MEPS 249:69-78 (2003)  -  doi:10.3354/meps249069

Microbial dynamics on diatom aggregates in Øresund, Denmark

Hans Peter Grossart1,*, Susanna Hietanen2, Helle Ploug3,4

1Institute of Freshwater Ecology and Inland Fisheries (IGB), Dept. of Stratified Lakes, Alte Fischerhütte 2, 16775 Neuglobsow, Germany
2Finnish Institute of Marine Research, PO Box 33, 00931 Helsinki, Finland
3Marine Biological Laboratory, University of Copenhagen, Strandpromenaden 5, 3000 Helsingør, Denmark
4Present address: Max Planck Institute for Marine Microbiology, Celsiusstr. 1, 28359 Bremen, Germany

ABSTRACT: Size, chemical composition, bacteria, flagellate, and ciliate abundance, bacterial production and growth rates as well as community respiration rates were measured on natural diatom aggregates of different sizes collected by SCUBA divers on 5 subsequent days offshore from northern Zealand, Denmark. Aggregate size was highly variable (0.16 to 524 mm3) throughout the sampling period, whereas aggregate (agg.) dry mass (70 to 390 µg agg.-1) and organic carbon content (48 to 130 µg agg.-1) varied less. The composition of particulate organic amino acids on aggregates was very different from that of total dissolved amino acids in the matrix water of the aggregates. Bacteria, flagellates, and ciliates were 10- to 10000-fold enriched on aggregates compared to their abundance in the surrounding water. Enrichment factors of bacteria, flagellates, and ciliates decreased significantly with increasing aggregate size. Ciliates showed the highest and flagellates the lowest enrichment on aggregates. Absolute rate of bacterial production was significantly correlated with aggregate size, and it constantly increased on aggregates of similar size throughout the sampling period. Cell-specific production rates were consistently higher for aggregate-associated bacteria than for free-living bacteria, and 3 to 20% of all bacteria were produced on aggregates. High release of dissolved organic matter and bacteria into the surrounding water was indicated by the release of amino acids into the surrounding water and high calculated detachment rates of aggregate-associated bacteria. Marine snow, thus, should be regarded as comprising integral components rather than isolated microenvironments of the pelagic zone. Its nature has important consequences for organic matter cycling from small scales up to the global scale.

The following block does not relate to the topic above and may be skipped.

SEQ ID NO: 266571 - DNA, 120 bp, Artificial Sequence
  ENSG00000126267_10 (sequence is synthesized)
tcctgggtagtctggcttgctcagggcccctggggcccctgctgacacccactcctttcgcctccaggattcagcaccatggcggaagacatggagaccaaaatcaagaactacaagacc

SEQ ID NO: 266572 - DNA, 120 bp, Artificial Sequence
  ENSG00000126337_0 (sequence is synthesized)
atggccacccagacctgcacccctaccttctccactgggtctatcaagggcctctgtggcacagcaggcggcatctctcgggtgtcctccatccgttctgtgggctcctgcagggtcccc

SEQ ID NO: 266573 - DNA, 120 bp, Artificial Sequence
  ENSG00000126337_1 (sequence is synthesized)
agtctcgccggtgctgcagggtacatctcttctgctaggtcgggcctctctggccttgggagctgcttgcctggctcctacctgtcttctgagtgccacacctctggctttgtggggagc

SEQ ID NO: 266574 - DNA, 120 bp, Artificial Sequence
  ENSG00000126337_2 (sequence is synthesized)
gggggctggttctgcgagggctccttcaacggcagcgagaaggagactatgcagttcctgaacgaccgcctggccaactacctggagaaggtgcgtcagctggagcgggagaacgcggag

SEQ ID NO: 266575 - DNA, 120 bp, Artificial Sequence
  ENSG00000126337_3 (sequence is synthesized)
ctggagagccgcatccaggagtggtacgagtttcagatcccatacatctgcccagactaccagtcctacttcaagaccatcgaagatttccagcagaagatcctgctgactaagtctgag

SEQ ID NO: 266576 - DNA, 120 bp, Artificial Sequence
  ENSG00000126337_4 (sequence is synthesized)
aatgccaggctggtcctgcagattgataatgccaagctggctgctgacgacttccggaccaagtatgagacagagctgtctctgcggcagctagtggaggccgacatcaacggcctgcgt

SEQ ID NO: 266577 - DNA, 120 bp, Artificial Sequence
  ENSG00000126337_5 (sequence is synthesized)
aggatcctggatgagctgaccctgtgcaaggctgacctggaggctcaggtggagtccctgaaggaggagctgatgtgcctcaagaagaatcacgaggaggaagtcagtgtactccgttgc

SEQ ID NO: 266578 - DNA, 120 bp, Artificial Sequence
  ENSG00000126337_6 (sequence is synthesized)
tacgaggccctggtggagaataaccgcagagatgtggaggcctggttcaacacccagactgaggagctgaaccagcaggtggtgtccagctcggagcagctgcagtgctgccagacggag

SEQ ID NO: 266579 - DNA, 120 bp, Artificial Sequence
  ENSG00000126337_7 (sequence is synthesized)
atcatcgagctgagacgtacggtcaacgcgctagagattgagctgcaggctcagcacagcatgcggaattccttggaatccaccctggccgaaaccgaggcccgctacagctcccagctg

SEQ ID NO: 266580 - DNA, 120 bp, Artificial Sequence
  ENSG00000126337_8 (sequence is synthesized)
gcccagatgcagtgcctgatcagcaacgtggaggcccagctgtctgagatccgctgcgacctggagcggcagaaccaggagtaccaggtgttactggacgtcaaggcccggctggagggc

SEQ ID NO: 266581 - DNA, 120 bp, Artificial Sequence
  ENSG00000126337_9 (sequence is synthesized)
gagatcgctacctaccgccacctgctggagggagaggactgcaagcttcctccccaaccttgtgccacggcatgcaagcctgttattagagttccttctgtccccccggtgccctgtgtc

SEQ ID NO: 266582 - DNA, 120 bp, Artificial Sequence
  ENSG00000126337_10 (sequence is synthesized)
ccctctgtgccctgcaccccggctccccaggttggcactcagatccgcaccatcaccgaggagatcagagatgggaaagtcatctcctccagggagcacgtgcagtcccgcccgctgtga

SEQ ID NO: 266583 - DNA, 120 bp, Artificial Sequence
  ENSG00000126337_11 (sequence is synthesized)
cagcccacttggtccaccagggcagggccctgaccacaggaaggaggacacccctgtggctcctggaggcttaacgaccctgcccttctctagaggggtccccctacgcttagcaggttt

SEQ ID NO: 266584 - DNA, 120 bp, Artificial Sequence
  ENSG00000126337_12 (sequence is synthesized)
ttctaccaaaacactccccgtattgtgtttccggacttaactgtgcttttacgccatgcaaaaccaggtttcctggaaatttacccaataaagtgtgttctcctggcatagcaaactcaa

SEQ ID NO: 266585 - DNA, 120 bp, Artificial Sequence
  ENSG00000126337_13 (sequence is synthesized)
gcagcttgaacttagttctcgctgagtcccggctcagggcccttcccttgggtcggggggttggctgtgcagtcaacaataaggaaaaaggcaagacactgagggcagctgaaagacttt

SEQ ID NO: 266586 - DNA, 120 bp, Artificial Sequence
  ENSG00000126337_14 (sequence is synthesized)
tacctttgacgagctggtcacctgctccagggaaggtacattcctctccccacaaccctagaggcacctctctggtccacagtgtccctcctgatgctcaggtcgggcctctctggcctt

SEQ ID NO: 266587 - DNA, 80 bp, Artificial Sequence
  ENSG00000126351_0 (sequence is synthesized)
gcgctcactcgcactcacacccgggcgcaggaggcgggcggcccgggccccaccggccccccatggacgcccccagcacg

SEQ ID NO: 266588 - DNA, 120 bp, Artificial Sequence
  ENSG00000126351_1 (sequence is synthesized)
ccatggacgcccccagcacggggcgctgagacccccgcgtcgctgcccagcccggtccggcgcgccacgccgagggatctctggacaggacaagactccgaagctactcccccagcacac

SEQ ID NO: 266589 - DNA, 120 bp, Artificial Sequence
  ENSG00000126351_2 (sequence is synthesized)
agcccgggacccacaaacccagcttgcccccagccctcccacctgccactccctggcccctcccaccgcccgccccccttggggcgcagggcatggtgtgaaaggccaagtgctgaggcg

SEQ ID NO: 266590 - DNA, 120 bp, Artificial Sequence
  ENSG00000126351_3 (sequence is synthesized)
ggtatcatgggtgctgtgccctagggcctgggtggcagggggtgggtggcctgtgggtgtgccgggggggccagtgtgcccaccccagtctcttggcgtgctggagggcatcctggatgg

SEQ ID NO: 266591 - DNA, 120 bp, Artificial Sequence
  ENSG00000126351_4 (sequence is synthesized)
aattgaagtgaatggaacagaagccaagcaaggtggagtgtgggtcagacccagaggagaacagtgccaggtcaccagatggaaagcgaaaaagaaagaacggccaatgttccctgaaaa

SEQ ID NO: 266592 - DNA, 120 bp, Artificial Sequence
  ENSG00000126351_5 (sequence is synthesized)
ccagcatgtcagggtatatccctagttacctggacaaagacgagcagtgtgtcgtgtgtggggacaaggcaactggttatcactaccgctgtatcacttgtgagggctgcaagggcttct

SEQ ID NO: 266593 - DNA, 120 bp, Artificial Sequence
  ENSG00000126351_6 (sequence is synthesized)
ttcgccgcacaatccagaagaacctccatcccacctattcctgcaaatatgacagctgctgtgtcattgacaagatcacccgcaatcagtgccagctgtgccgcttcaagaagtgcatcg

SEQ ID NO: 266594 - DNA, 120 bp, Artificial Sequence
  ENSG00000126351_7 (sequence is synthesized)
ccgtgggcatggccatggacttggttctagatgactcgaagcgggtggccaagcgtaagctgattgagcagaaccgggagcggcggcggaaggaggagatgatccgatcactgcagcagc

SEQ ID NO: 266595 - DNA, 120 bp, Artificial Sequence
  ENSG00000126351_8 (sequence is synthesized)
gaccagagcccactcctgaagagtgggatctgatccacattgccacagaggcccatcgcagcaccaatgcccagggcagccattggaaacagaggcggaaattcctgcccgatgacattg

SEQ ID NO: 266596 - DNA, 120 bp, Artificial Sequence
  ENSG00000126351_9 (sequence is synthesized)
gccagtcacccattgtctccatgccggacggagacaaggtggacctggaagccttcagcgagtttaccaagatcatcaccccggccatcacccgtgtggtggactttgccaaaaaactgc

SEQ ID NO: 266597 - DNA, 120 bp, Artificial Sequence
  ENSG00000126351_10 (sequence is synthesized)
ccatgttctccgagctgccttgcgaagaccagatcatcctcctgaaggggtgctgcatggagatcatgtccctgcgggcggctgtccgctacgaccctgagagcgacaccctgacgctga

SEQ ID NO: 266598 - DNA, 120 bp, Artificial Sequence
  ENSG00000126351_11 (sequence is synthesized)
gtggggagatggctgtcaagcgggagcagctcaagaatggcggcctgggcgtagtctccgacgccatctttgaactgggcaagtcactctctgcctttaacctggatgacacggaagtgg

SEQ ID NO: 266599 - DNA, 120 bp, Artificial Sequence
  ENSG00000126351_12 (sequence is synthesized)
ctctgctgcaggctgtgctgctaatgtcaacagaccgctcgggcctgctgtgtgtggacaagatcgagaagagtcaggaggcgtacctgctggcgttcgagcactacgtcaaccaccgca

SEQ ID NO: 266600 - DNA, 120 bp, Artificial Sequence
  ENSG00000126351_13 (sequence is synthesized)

KEY WORDS: Aggregates · Bacteria · Heterotrophic nanoflagellates · Bacterial production · Respiration · Grazing · C:N ratio · Particulate combined amino acids

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